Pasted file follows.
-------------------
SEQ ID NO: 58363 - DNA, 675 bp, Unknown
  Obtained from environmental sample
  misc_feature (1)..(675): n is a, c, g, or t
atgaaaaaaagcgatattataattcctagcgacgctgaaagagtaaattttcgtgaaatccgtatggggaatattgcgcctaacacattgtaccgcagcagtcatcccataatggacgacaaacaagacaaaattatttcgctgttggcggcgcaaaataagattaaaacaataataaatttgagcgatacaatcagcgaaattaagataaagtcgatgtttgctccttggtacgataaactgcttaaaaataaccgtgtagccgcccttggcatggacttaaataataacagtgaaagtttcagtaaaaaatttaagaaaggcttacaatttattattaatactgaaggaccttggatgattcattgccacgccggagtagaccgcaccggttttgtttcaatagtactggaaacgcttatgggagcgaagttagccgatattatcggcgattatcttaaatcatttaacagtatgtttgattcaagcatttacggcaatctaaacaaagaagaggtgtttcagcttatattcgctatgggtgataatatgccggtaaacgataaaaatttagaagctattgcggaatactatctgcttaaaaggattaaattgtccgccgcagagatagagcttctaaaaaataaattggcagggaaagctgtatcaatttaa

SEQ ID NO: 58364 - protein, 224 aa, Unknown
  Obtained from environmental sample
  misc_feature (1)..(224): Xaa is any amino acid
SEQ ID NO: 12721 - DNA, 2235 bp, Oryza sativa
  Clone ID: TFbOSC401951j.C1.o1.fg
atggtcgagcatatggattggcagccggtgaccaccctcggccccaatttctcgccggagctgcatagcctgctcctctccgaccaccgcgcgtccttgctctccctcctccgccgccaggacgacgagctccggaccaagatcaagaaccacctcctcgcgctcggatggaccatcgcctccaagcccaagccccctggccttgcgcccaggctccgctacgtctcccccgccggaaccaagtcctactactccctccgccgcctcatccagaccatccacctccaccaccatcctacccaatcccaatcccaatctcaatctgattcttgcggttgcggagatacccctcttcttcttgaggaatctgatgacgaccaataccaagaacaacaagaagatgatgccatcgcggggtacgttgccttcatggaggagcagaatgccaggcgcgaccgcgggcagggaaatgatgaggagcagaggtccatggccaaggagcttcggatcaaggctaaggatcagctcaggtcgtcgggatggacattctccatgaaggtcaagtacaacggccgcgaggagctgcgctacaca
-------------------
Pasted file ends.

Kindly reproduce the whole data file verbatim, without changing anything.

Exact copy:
SEQ ID NO: 58363 - DNA, 675 bp, Unknown
  Obtained from environmental sample
  misc_feature (1)..(675): n is a, c, g, or t
atgaaaaaaagcgatattataattcctagcgacgctgaaagagtaaattttcgtgaaatccgtatggggaatattgcgcctaacacattgtaccgcagcagtcatcccataatggacgacaaacaagacaaaattatttcgctgttggcggcgcaaaataagattaaaacaataataaatttgagcgatacaatcagcgaaattaagataaagtcgatgtttgctccttggtacgataaactgcttaaaaataaccgtgtagccgcccttggcatggacttaaataataacagtgaaagtttcagtaaaaaatttaagaaaggcttacaatttattattaatactgaaggaccttggatgattcattgccacgccggagtagaccgcaccggttttgtttcaatagtactggaaacgcttatgggagcgaagttagccgatattatcggcgattatcttaaatcatttaacagtatgtttgattcaagcatttacggcaatctaaacaaagaagaggtgtttcagcttatattcgctatgggtgataatatgccggtaaacgataaaaatttagaagctattgcggaatactatctgcttaaaaggattaaattgtccgccgcagagatagagcttctaaaaaataaattggcagggaaagctgtatcaatttaa

SEQ ID NO: 58364 - protein, 224 aa, Unknown
  Obtained from environmental sample
  misc_feature (1)..(224): Xaa is any amino acid
SEQ ID NO: 12721 - DNA, 2235 bp, Oryza sativa
  Clone ID: TFbOSC401951j.C1.o1.fg
atggtcgagcatatggattggcagccggtgaccaccctcggccccaatttctcgccggagctgcatagcctgctcctctccgaccaccgcgcgtccttgctctccctcctccgccgccaggacgacgagctccggaccaagatcaagaaccacctcctcgcgctcggatggaccatcgcctccaagcccaagccccctggccttgcgcccaggctccgctacgtctcccccgccggaaccaagtcctactactccctccgccgcctcatccagaccatccacctccaccaccatcctacccaatcccaatcccaatctcaatctgattcttgcggttgcggagatacccctcttcttcttgaggaatctgatgacgaccaataccaagaacaacaagaagatgatgccatcgcggggtacgttgccttcatggaggagcagaatgccaggcgcgaccgcgggcagggaaatgatgaggagcagaggtccatggccaaggagcttcggatcaaggctaaggatcagctcaggtcgtcgggatggacattctccatgaaggtcaagtacaacggccgcgaggagctgcgctacaca